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Of which I do accuse myself so sorely,
Enter a Soldier of Cæsar's.
Eno. I give it you.
Mock me not, Enobarbus.
[Exit Soldier. Eno. I am alone the villain of the earth, And feel I am so most.
O Antony, Thou mine of bounty, how would'st thou have paid My better service, when my turpitude Thou dost so crown with gold! This blows my heart:9 If swift thought break it not, a swifter mean Shall outstrike thought: but thought will do't, I feel.' I fight against thee ! – No: I will go seek Some ditch, wherein to die; the foul'st best fits My latter part of life.
+ Mr. Malone omits that.
8 And feel I am so most.] i. e. I am pre-eminently the first, the greatest villain of the earth. To stand alone, is still used in that sense, where any one towers above his competitors. And feel I am so most, must signify, I feel or know it myself, more than any other person can or does feel it. REED.
This blows my heart :) This generosity, (says Enobarbus,) swells my heart, so that it will quickly break, if thought break it not, a swifter mean.
but thought will do't, I feel.] Thought, in this passage, as in many others, signifies melancholy.
Field of Battle between the Camps.
Alarum. Drums and Trumpets. Enter AGRIPPA, and
Alarum. Enter Antony and SCARUS, wounded.
Thou bleed'st apace.
They do retire.
Eros. They are beaten, sir; and our advantage serves
Let us score their backs,
I will reward thee
I'll halt after. (Ereunt.
and our oppression - ] i. e. the force by which we are oppressed or overpowered.
Under the Walls of Alexandria.
Alarum. Enter ANTONY, marching; Scarus, and
Forces. Ant. We have beat him to his camp; Run one before, And let the queen know of our guests. — To-morrow, Before the sun shall see us, we'll spill the blood That has to-day escap'd. I thank you all; For doughty-handed are you ; and have fought Not as you serv'd the cause, but as it had been Each man's like mine; you have shown all Hectors, Enter the city, clip your wives", your friends, Tell them your feats; whilst they with joyful tears Wash the congealment from your wounds, and kiss The honour'd gashes whole. - Give me thy hand;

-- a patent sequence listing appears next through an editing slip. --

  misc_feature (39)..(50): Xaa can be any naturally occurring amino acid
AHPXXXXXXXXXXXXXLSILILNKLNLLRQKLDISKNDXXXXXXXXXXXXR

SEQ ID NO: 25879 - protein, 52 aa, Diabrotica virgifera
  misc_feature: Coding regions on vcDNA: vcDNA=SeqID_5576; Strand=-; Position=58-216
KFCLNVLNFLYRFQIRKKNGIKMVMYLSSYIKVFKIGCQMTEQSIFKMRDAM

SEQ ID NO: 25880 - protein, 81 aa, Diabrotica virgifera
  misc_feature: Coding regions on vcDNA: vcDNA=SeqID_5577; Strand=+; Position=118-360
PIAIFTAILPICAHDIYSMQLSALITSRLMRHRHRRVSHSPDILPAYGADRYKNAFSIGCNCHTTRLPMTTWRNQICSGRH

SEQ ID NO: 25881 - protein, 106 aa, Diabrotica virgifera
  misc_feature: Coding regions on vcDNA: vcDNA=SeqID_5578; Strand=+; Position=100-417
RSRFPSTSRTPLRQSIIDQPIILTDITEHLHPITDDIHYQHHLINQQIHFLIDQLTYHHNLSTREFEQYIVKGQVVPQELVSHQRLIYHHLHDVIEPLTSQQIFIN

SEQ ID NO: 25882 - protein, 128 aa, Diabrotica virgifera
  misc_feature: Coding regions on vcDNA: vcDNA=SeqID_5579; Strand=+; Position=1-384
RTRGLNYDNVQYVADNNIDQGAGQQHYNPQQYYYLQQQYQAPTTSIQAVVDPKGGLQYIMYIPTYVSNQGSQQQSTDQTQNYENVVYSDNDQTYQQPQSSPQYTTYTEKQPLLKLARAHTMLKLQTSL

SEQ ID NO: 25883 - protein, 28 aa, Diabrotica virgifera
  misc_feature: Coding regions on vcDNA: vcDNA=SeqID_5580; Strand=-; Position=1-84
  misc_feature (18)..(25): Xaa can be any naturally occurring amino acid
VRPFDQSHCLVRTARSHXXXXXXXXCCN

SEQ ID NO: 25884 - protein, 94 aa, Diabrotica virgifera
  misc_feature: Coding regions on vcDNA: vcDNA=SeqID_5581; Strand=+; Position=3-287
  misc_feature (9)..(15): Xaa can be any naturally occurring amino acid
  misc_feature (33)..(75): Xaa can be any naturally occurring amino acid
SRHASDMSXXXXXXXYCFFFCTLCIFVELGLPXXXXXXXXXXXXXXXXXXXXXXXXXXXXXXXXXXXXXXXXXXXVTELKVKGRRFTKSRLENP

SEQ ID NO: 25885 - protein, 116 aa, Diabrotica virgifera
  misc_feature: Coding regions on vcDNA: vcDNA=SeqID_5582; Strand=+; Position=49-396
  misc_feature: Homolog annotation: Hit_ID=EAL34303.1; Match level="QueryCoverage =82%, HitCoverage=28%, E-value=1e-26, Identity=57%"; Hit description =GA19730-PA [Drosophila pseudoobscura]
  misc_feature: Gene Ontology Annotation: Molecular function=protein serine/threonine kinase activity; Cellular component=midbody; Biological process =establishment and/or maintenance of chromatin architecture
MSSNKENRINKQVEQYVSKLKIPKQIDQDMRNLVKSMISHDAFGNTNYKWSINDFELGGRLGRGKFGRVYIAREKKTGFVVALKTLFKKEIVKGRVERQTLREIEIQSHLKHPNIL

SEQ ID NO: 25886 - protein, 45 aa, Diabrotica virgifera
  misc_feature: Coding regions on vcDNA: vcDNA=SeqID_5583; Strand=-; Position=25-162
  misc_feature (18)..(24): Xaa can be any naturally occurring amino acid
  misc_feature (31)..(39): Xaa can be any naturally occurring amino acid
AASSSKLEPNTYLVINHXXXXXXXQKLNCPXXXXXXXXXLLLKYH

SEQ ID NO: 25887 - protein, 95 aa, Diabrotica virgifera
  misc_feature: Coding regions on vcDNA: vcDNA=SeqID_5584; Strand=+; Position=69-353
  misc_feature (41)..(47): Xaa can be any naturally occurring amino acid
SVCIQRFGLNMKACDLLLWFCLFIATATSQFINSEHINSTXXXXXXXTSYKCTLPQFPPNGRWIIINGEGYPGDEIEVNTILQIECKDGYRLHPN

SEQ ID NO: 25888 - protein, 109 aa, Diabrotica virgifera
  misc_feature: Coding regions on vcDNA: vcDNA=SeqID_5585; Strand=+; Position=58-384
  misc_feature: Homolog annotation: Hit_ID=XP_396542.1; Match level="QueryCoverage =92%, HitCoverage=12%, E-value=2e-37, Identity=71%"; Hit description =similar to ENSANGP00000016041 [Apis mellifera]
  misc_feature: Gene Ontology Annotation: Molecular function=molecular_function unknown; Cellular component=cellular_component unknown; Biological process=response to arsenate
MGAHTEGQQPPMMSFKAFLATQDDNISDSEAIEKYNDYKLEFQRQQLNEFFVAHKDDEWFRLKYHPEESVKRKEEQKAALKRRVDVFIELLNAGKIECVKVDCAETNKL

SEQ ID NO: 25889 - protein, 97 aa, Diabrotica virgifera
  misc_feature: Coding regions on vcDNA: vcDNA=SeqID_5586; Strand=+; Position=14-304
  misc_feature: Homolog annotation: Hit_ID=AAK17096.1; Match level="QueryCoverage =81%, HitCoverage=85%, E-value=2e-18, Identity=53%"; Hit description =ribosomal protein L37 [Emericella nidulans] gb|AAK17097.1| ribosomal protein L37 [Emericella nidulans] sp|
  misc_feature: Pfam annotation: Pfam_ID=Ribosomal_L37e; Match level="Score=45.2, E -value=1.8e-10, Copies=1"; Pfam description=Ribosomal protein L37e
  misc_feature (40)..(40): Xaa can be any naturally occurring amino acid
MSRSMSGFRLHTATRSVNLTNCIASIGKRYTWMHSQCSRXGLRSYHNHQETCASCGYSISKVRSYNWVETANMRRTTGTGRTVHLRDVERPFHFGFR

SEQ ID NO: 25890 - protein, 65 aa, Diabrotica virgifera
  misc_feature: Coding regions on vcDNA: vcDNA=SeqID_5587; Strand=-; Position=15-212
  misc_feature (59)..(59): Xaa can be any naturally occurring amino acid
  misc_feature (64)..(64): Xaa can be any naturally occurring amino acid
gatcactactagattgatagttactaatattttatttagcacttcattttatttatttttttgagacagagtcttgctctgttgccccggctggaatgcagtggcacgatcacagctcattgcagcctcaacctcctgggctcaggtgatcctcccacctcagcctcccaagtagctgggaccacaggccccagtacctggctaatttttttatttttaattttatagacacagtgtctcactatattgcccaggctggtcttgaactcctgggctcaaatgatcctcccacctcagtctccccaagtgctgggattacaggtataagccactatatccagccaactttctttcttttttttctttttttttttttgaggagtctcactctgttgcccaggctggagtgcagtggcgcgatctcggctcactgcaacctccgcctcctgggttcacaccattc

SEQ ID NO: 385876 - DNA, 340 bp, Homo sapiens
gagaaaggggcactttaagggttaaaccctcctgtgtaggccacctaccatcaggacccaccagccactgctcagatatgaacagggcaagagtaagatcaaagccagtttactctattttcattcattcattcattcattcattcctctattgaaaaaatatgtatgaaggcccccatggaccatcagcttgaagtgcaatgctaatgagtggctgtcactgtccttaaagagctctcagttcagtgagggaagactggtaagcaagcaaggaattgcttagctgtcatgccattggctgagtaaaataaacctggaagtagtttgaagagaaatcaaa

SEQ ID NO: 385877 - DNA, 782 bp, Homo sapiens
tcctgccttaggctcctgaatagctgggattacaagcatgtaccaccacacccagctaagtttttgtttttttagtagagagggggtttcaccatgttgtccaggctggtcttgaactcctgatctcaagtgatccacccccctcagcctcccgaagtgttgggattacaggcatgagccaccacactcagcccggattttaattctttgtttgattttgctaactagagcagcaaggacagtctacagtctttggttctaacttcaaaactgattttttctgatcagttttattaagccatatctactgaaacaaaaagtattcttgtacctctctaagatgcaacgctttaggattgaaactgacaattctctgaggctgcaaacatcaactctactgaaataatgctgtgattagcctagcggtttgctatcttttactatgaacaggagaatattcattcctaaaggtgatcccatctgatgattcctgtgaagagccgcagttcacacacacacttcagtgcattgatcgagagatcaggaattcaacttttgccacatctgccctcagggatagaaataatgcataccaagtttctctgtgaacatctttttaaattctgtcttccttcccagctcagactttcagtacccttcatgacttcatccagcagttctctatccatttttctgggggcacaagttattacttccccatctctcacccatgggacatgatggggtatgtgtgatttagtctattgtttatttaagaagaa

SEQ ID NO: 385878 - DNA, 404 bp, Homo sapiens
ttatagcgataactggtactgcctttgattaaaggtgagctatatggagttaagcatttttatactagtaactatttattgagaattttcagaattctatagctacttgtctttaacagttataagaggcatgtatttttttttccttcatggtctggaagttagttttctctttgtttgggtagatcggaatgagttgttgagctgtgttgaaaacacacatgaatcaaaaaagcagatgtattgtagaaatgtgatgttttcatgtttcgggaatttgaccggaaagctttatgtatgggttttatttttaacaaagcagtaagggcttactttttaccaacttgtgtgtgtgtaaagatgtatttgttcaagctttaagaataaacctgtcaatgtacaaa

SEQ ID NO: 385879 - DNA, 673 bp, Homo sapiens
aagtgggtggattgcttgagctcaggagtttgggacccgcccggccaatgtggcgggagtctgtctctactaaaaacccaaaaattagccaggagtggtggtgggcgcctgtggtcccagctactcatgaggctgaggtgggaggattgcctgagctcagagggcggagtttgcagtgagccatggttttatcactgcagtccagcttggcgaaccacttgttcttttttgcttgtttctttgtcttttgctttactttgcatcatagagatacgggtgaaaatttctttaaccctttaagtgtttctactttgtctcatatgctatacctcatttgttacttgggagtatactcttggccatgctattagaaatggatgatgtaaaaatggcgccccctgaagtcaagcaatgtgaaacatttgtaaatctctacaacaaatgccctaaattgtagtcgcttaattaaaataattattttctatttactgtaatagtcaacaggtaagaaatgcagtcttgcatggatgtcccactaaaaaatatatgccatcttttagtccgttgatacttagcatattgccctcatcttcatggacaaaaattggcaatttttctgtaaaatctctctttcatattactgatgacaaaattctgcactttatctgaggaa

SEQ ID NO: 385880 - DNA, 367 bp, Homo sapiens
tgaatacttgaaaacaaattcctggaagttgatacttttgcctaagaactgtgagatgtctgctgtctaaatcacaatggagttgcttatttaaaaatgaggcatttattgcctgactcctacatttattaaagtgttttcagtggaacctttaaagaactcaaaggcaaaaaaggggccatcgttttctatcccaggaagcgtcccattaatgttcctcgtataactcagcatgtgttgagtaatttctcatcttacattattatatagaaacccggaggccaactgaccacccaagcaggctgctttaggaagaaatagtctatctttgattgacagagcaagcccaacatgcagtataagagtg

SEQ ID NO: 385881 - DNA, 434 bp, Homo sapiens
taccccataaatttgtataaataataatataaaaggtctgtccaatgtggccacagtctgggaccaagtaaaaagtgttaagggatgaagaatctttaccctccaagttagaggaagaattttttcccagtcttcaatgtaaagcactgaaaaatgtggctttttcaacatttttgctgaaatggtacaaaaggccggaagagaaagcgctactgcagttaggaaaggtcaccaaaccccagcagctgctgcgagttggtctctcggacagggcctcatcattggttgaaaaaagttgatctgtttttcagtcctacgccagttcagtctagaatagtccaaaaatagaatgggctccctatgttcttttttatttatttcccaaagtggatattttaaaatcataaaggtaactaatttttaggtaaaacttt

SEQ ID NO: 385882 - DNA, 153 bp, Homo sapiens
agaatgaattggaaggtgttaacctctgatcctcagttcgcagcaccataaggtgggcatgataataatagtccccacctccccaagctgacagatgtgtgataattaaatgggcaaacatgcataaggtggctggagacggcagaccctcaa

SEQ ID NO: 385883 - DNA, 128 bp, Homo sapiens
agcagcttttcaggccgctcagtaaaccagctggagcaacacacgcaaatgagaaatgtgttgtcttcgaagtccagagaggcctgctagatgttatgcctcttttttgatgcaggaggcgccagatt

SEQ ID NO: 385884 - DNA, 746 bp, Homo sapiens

Enter CLEOPATRA, attended.
Lord of lords !
clip your wives,] To clip is to embrace. * To this great fairy-] Mr. Upton has well observed, that fairy, which Dr. Warburton and Sir T. Hanmer explain by inchantress, comprises the idea of power and beauty. Johnson.
- proof of harness -] i. e. armour of proof. Harnois, Fr. Arnese, Ital.
The world's great snare -) i. e. the war.
We have beat them to their beds. What, girl ? though
grey Do something mingle with our brown t; yet have we A brain that nourishes our nerves, and can Get goal for goal of youth?. Behold this man; Commend unto his lips thy favouring hand ; Kiss it, my warrior: - He hath fought to-day, As if a god, in hate of mankind, had Destroy'd in such a shape. Cleo.
I'll give thee, friend, An armour all of gold; it was a king's.
Ant. He has deserv'd it, were it carbuncled Like holy Phæbus' car. Give me thy hand; Through Alexandria make a jolly march ; Bear our hack'd targets like the men that owe them :8 Had our great palace the capacity To camp this host, we all would sup together; And drink carouses to the next day's fate, Which promises royal peril. - Trumpeters, With brazen din blast you the city's ear; Make mingle with our rattling tabourines; That heaven and earth may strike their sounds together, Applauding our approach.
†“our younger brown ;" — Malone.
i Get goal for goal of youth.] At all plays of barriers, the bounddary is called a goal; to win a goal, is to be a superior in a contest of activity.
8 Bear our hack'd targets like the men that owe them:] i.e. hack'd as much as the men to whom they belong; or perhaps, Bear our hack'd targets with spirit and exultation, such as becomes the brave warriors that own them.
tabourines ;) A tabourin was a small drum. It is often mentioned in our ancient romances.
Sentinels on their post. Enter ENOBARBUS.
1 Sold. If we be not reliev'd within this hour,
This last day was
O, bear me witness, night,
Stand close, and list to him. + Eno. Be witness to me, O thou blessed moon, When men revolted shall upon record Bear hateful memory, poor Enobarbus did Before thy face repent ! I Sold.
Enobarbus! 3 Sold. Hark further.
Eno. O sovereign mistress of true melancholy, The poisonous damp of night disponge upon me;? That life, a very rebel to my will, May hang no longer on me: Throw my heart » Against the flint and hardness of my fault; Which, being dried with grief, will break to powder, And finish all foul thoughts. O Antony,
the court of guard:] i.e. the guard-room, the place where the guard musters. The same expression occurs again in Othello. + " list him.” — MALONE.
disponge upon me:) i. e. discharge, as a sponge, when squeezed, discharges the moisture it had imbibed. STEEVENS.
Throw my heart - ] The pathetick of Shakspeare too often ends in the ridiculous. It is painful to find the gloomy dignity of this noble scene destroyed by intrusion of a conceit so far-fetched and unaffecting. Johnson.